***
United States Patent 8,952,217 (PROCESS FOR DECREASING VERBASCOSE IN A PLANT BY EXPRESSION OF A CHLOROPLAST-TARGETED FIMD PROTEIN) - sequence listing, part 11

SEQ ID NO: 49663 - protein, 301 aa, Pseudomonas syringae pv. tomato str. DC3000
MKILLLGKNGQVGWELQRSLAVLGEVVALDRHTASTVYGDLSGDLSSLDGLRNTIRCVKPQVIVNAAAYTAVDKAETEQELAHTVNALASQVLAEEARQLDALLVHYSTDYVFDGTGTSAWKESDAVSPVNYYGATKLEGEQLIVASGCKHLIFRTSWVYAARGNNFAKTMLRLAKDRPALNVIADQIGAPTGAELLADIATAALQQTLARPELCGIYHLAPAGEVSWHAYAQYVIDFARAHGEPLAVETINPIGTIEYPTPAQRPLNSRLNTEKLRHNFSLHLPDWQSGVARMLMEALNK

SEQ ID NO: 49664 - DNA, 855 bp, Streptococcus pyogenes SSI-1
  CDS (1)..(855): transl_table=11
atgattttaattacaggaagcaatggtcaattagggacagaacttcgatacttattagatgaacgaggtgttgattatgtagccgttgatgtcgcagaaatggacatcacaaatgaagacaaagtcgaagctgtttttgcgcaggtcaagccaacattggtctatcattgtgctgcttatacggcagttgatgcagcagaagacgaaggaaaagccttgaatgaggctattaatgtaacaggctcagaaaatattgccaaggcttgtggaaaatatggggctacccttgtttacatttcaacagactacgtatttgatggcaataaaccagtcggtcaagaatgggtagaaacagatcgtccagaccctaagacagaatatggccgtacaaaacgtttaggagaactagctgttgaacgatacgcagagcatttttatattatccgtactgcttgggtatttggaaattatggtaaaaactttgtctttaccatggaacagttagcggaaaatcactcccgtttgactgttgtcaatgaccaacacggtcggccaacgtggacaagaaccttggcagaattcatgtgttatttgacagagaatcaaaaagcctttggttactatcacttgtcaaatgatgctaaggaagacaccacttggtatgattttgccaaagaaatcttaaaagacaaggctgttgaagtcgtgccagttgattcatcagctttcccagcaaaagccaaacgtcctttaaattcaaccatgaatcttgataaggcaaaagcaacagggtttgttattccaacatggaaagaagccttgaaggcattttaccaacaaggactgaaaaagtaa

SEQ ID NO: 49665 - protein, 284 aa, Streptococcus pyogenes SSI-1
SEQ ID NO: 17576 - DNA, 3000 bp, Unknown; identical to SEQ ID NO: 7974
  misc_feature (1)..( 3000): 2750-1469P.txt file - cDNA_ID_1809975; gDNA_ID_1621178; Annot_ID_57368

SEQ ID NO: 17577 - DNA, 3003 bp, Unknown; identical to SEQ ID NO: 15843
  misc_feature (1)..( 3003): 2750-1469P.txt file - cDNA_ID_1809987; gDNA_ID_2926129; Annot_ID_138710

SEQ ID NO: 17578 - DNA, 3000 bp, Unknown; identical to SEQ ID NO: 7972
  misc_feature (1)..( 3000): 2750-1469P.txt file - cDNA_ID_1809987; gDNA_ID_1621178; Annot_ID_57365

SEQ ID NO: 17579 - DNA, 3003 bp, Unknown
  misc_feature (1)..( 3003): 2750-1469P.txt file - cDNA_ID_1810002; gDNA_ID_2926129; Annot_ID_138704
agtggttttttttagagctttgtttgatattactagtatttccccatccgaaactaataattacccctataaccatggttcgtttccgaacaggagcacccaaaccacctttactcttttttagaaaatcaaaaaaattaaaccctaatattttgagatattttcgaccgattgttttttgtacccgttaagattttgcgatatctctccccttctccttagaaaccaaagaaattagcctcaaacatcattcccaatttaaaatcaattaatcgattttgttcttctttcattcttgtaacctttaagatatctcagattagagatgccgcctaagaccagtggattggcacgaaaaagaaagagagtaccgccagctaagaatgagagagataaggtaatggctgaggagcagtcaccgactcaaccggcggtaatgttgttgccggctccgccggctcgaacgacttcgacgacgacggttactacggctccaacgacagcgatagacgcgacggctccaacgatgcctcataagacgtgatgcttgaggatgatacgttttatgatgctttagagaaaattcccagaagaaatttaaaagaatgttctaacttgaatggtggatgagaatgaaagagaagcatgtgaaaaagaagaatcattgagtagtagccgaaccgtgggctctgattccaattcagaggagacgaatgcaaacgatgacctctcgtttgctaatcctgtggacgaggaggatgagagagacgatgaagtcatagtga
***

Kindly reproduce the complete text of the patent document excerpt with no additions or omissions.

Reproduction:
United States Patent 8,952,217 (PROCESS FOR DECREASING VERBASCOSE IN A PLANT BY EXPRESSION OF A CHLOROPLAST-TARGETED FIMD PROTEIN) - sequence listing, part 11

SEQ ID NO: 49663 - protein, 301 aa, Pseudomonas syringae pv. tomato str. DC3000
MKILLLGKNGQVGWELQRSLAVLGEVVALDRHTASTVYGDLSGDLSSLDGLRNTIRCVKPQVIVNAAAYTAVDKAETEQELAHTVNALASQVLAEEARQLDALLVHYSTDYVFDGTGTSAWKESDAVSPVNYYGATKLEGEQLIVASGCKHLIFRTSWVYAARGNNFAKTMLRLAKDRPALNVIADQIGAPTGAELLADIATAALQQTLARPELCGIYHLAPAGEVSWHAYAQYVIDFARAHGEPLAVETINPIGTIEYPTPAQRPLNSRLNTEKLRHNFSLHLPDWQSGVARMLMEALNK

SEQ ID NO: 49664 - DNA, 855 bp, Streptococcus pyogenes SSI-1
  CDS (1)..(855): transl_table=11
atgattttaattacaggaagcaatggtcaattagggacagaacttcgatacttattagatgaacgaggtgttgattatgtagccgttgatgtcgcagaaatggacatcacaaatgaagacaaagtcgaagctgtttttgcgcaggtcaagccaacattggtctatcattgtgctgcttatacggcagttgatgcagcagaagacgaaggaaaagccttgaatgaggctattaatgtaacaggctcagaaaatattgccaaggcttgtggaaaatatggggctacccttgtttacatttcaacagactacgtatttgatggcaataaaccagtcggtcaagaatgggtagaaacagatcgtccagaccctaagacagaatatggccgtacaaaacgtttaggagaactagctgttgaacgatacgcagagcatttttatattatccgtactgcttgggtatttggaaattatggtaaaaactttgtctttaccatggaacagttagcggaaaatcactcccgtttgactgttgtcaatgaccaacacggtcggccaacgtggacaagaaccttggcagaattcatgtgttatttgacagagaatcaaaaagcctttggttactatcacttgtcaaatgatgctaaggaagacaccacttggtatgattttgccaaagaaatcttaaaagacaaggctgttgaagtcgtgccagttgattcatcagctttcccagcaaaagccaaacgtcctttaaattcaaccatgaatcttgataaggcaaaagcaacagggtttgttattccaacatggaaagaagccttgaaggcattttaccaacaaggactgaaaaagtaa

SEQ ID NO: 49665 - protein, 284 aa, Streptococcus pyogenes SSI-1
SEQ ID NO: 17576 - DNA, 3000 bp, Unknown; identical to SEQ ID NO: 7974
  misc_feature (1)..( 3000): 2750-1469P.txt file - cDNA_ID_1809975; gDNA_ID_1621178; Annot_ID_57368

SEQ ID NO: 17577 - DNA, 3003 bp, Unknown; identical to SEQ ID NO: 15843
  misc_feature (1)..( 3003): 2750-1469P.txt file - cDNA_ID_1809987; gDNA_ID_2926129; Annot_ID_138710

SEQ ID NO: 17578 - DNA, 3000 bp, Unknown; identical to SEQ ID NO: 7972
  misc_feature (1)..( 3000): 2750-1469P.txt file - cDNA_ID_1809987; gDNA_ID_1621178; Annot_ID_57365

SEQ ID NO: 17579 - DNA, 3003 bp, Unknown
  misc_feature (1)..( 3003): 2750-1469P.txt file - cDNA_ID_1810002; gDNA_ID_2926129; Annot_ID_138704
agtggttttttttagagctttgtttgatattactagtatttccccatccgaaactaataattacccctataaccatggttcgtttccgaacaggagcacccaaaccacctttactcttttttagaaaatcaaaaaaattaaaccctaatattttgagatattttcgaccgattgttttttgtacccgttaagattttgcgatatctctccccttctccttagaaaccaaagaaattagcctcaaacatcattcccaatttaaaatcaattaatcgattttgttcttctttcattcttgtaacctttaagatatctcagattagagatgccgcctaagaccagtggattggcacgaaaaagaaagagagtaccgccagctaagaatgagagagataaggtaatggctgaggagcagtcaccgactcaaccggcggtaatgttgttgccggctccgccggctcgaacgacttcgacgacgacggttactacggctccaacgacagcgatagacgcgacggctccaacgatgcctcataagacgtgatgcttgaggatgatacgttttatgatgctttagagaaaattcccagaagaaatttaaaagaatgttctaacttgaatggtggatgagaatgaaagagaagcatgtgaaaaagaagaatcattgagtagtagccgaaccgtgggctctgattccaattcagaggagacgaatgcaaacgatgacctctcgtttgctaatcctgtggacgaggaggatgagagagacgatgaagtcatagtga